By Ashley Zimmerman
By Dana Krangel
By John Hood
By Ashley Zimmerman
By David Von Bader
By Sayre Berman
By Steve Brennan
By Ashley Zimmerman
"Damn, I didn't know! It hasn't been on the telly here yet. That's terrible," exclaims Supergrass singer-guitarist Gaz Coombes, immediately lowering his voice to say "that's terrible" again. He turns his mouth away from the receiver to relay the bad news to long-time girlfriend Jools.
"Johnny Cash died," he tells her before returning to the phone.
"It's awful when someone you really respect like that dies. I remember when Curtis Mayfield died; I was gutted. I guess you just have to keep listening to the records -- at least you've got that."
It feels slightly odd that such matters of life and death have pervaded the first few minutes of conversation with the exceptionally friendly frontman. After all, the Oxford quartet -- rounded out by bassist Mickey Quinn, drummer Danny Goffey, and Coombes' older brother, Rob, on keyboards -- is known as one of the most mirthful bunches of musical personalities in all of England. They've clowned their way through practically every interview on record, sported more interesting facial hair than your average Civil War general, appeared as giant muppets in the ingenious 1999 video for "Pumping On Your Stereo," and ripped through hundreds of gigs both massive and tiny with reckless giddy abandon.
But Coombes, a new first-time father, seems to be in a generally reflective mood at the moment. Maybe parenthood has chilled him and his bandmates. With more than a half-dozen kids among the four of them, he jokes that Supergrass has "a huge sort of Osmonds-type thing happening." Or perhaps it has something to do with the fact that the group is nearing a significant milestone -- in a few months, it will commemorate ten years together.
"I've definitely been thinking about that a lot recently," he says. "It's pretty mad. I wish we'd done more records!"
Even if it has only four albums to its name, the band's dynamic decade of existence is pretty impressive, especially considering that most British acts in the '90s were (metaphorically speaking, of course) like smack addicts: The first hit was the best, but subsequent years were spent chasing the high and never quite attaining it, rotting away or dying in the process. Oasis? Irrelevant. Blur? A shadow of their former selves. Gene, Embrace, James, Longpigs, Bluetones, Mansun. Ummmm, who?
But Supergrass has thrived over the long haul for a couple of reasons. They're spectacularly gifted musicians and melody-makers able to fuse their collective influences (Bowie, T. Rex, the Kinks, the Beatles, Buzzcocks, etc.) with new and clever ideas to make their songs fresh and exciting each time out. And their level of enthusiasm hasn't flagged. This year's Life on Other Planets sounds as fun and inspired as their splendidly unruly 1995 debut, I Should Coco -- released when Gaz and Danny were still teenagers.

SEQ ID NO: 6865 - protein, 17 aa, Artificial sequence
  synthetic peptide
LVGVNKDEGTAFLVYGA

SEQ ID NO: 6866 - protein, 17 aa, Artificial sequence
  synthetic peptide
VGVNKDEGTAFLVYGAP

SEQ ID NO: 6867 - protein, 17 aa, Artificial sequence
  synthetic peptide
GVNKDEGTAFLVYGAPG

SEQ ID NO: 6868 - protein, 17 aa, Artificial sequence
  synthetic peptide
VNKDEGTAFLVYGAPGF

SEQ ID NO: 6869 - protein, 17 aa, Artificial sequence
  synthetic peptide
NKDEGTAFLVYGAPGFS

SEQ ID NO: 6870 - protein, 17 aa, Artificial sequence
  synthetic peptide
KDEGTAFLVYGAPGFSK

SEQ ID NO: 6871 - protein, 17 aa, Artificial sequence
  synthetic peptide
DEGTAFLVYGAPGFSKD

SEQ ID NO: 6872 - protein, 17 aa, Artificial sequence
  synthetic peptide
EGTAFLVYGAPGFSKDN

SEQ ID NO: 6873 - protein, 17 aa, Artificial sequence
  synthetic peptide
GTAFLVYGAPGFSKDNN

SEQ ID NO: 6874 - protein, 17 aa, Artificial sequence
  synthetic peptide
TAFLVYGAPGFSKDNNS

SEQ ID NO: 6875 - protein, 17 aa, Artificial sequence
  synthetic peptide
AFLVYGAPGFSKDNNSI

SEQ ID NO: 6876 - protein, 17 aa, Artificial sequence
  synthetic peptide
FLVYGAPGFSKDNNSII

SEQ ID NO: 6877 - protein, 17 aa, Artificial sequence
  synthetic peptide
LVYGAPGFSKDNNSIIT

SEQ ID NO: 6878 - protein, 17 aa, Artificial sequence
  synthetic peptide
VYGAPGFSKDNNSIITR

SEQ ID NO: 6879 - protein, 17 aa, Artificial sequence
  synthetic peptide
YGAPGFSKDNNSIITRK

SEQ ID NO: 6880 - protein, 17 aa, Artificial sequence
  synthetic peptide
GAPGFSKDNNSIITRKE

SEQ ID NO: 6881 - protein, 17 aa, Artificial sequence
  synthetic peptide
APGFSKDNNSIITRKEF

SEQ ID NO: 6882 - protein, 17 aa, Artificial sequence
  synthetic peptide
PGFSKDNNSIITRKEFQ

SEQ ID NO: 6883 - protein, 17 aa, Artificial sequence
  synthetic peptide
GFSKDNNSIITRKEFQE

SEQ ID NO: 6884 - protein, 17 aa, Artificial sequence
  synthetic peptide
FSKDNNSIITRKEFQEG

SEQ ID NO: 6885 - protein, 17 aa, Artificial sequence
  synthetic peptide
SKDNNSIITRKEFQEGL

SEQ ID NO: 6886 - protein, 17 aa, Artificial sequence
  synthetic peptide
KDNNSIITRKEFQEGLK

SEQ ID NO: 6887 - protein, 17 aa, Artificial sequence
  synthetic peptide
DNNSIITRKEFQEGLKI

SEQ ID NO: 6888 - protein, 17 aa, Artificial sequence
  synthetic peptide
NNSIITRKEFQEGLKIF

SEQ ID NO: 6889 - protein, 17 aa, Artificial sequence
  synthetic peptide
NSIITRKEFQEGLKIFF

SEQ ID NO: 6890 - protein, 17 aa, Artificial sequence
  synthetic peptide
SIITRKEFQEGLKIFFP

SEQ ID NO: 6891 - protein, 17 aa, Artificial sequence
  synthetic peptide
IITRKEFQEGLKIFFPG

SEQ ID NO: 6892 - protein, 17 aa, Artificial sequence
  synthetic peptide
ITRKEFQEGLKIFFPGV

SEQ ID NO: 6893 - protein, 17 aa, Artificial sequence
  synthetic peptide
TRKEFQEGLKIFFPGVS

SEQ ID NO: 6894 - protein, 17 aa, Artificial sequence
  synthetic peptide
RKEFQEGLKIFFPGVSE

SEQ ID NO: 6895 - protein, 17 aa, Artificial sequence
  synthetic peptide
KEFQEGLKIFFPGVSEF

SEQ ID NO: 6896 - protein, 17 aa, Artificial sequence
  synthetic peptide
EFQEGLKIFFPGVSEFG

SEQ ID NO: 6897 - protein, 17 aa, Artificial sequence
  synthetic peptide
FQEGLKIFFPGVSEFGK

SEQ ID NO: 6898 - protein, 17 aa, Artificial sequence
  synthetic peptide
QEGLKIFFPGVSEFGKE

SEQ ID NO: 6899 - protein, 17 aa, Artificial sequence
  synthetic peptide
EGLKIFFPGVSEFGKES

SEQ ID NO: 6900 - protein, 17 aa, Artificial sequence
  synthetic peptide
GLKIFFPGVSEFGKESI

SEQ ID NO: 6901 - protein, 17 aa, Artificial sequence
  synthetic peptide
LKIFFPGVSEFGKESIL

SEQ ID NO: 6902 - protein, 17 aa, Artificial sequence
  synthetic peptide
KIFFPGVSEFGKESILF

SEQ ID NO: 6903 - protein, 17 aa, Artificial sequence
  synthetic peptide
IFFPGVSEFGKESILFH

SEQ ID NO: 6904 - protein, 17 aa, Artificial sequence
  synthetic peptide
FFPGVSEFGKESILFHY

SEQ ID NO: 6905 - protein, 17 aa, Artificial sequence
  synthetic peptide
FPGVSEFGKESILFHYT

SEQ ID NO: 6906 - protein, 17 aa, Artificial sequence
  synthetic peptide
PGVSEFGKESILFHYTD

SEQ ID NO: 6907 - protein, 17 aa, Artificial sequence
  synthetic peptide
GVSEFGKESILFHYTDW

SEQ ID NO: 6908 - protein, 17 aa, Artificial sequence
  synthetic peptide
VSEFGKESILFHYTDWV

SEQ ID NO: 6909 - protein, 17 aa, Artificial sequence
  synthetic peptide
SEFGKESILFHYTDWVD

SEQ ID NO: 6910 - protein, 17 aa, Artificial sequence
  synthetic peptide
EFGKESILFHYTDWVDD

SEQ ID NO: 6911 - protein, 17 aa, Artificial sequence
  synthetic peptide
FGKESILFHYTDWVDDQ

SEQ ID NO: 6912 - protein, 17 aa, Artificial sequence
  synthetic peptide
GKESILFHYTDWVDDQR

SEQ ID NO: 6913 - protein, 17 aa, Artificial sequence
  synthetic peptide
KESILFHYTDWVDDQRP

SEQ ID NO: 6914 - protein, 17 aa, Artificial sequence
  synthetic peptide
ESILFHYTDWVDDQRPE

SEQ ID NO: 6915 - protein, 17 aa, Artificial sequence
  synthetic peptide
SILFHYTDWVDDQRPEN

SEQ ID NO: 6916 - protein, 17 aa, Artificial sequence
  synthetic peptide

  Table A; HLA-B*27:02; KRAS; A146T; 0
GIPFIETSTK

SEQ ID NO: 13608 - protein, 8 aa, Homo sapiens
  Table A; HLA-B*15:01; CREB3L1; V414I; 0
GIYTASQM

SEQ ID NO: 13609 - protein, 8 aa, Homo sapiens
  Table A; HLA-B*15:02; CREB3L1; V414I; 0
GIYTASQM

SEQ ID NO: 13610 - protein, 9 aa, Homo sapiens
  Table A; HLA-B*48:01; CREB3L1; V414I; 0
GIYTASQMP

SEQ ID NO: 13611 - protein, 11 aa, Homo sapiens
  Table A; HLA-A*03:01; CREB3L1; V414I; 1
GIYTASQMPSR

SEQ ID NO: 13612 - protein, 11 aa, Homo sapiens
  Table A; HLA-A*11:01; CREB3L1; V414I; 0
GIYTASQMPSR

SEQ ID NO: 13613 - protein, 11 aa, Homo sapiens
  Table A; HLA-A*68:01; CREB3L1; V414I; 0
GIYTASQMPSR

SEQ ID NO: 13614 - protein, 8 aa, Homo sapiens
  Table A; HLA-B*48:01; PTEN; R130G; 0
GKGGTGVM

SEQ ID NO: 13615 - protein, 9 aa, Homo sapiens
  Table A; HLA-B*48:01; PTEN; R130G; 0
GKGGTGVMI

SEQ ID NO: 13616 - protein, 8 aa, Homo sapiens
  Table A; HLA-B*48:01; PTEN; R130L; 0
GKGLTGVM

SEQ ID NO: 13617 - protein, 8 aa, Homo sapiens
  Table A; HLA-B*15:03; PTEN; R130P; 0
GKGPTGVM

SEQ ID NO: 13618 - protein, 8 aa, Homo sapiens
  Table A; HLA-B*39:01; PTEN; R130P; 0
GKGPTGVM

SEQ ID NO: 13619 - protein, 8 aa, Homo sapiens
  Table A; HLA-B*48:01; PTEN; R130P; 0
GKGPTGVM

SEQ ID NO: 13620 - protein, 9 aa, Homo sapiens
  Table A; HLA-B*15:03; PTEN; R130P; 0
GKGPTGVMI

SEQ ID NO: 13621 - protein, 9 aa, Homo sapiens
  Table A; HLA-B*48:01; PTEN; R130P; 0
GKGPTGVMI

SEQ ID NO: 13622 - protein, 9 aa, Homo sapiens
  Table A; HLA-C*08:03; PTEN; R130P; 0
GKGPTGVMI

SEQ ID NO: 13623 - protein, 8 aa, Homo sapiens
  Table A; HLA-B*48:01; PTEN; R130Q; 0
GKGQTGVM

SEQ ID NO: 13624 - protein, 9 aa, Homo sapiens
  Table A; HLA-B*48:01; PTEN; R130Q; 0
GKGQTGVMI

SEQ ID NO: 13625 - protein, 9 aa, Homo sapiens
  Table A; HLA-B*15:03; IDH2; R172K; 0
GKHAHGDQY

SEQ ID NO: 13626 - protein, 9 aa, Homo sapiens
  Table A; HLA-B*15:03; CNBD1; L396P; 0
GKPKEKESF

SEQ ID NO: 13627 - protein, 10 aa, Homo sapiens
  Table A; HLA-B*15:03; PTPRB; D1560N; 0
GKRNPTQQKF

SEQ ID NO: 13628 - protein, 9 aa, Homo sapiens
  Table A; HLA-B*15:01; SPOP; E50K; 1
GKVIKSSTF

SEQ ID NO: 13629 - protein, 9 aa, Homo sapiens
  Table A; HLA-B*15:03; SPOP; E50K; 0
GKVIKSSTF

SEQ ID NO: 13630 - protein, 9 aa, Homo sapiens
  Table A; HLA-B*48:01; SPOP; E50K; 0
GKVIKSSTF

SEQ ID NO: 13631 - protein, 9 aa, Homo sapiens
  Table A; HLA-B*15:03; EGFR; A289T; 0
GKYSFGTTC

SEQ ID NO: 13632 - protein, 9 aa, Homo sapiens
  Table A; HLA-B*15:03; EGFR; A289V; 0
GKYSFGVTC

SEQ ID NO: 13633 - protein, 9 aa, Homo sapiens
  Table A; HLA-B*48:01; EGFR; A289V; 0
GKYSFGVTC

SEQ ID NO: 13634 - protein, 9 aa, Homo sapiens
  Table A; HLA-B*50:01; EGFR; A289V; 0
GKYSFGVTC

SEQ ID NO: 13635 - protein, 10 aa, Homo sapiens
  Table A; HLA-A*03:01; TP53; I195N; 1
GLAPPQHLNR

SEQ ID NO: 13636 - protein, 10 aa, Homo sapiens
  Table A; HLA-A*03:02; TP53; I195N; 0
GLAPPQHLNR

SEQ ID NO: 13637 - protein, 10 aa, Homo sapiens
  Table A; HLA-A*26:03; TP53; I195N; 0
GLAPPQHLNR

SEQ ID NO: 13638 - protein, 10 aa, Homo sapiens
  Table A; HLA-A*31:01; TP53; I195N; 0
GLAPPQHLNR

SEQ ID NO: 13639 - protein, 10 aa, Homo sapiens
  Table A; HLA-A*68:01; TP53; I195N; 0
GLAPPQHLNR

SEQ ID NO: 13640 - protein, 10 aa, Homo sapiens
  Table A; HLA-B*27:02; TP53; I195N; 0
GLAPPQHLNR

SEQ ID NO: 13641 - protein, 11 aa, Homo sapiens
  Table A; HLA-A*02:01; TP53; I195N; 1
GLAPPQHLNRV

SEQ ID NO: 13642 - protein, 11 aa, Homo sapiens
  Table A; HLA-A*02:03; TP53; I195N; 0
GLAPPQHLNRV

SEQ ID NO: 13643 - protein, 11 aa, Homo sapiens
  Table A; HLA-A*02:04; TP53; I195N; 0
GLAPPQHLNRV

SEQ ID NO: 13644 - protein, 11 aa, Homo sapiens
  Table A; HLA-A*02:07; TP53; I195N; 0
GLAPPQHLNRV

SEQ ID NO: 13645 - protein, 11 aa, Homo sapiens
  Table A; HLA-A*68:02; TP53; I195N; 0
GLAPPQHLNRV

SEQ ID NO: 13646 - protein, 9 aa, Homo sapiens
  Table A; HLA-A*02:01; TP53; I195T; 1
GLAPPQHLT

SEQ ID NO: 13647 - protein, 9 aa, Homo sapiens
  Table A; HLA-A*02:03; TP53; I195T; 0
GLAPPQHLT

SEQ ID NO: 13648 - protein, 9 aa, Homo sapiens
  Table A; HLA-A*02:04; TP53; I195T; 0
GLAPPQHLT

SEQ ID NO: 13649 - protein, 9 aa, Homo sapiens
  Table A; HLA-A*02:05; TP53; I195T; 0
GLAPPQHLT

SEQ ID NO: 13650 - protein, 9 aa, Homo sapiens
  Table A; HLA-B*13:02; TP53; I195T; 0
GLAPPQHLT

So how does the band plan to celebrate its tenth anniversary? "We were thinking it'd be cool to do a retrospective thing with a DVD and a CD and all that kinda business," Coombes trumpets. "Sort of like Neil Young's Decade, not just some silly greatest-hits thing but a real look at the last ten years with a few of the hits and a lot of other stuff."
As for the DVD, Coombes admits that searching through their personal video archives hasn't brought back a wave of memories so much as filled in some historical holes. "We were really quite off our heads back on those first American tours, and I can't recall much, so it's good to have all that footage," he laughs. "I have some stuff when we were all thin and scrawny and kinda wired, doing little sketches about Superfly on the tour bus and all that sort of weird shit. We weren't necessarily meaning to 'document' things -- we were just having a laugh filming each other. What I do remember, though, is all the gigs being really wild the first time in America and being totally blown away by the whole thing. Just a complete contrast to playing up north in England, where it's really grim and the nightclub owner is a big ol' bastard who's really moody. But you get in the States and everything is really crazy and happy; it's really cool."
Combes says the band still loves to tour the U.S., even if breaking through on a big scale here has been something of a challenge.
"It's never really been easy for us to get a song on the radio," he says. "They're always telling us they don't know where to put our music because it's not really heavy rock; it's not R&B. To them, it's like some sort of 'middle music' they can't understand. Like, we'd kinda go mental in the chorus and it would be quite hard, but it wouldn't be hard enough to fit in with Queens of the Stone Age or whatever.
"But at the same time, I reckon there's always this nice kind of buzz every time we come over here," he continues. "It's like we've been this underground cult band right on the edge of success for about ten years, but I like that, because we always get a great vibe when we travel around, and people seem really happy to see us. It's still really great."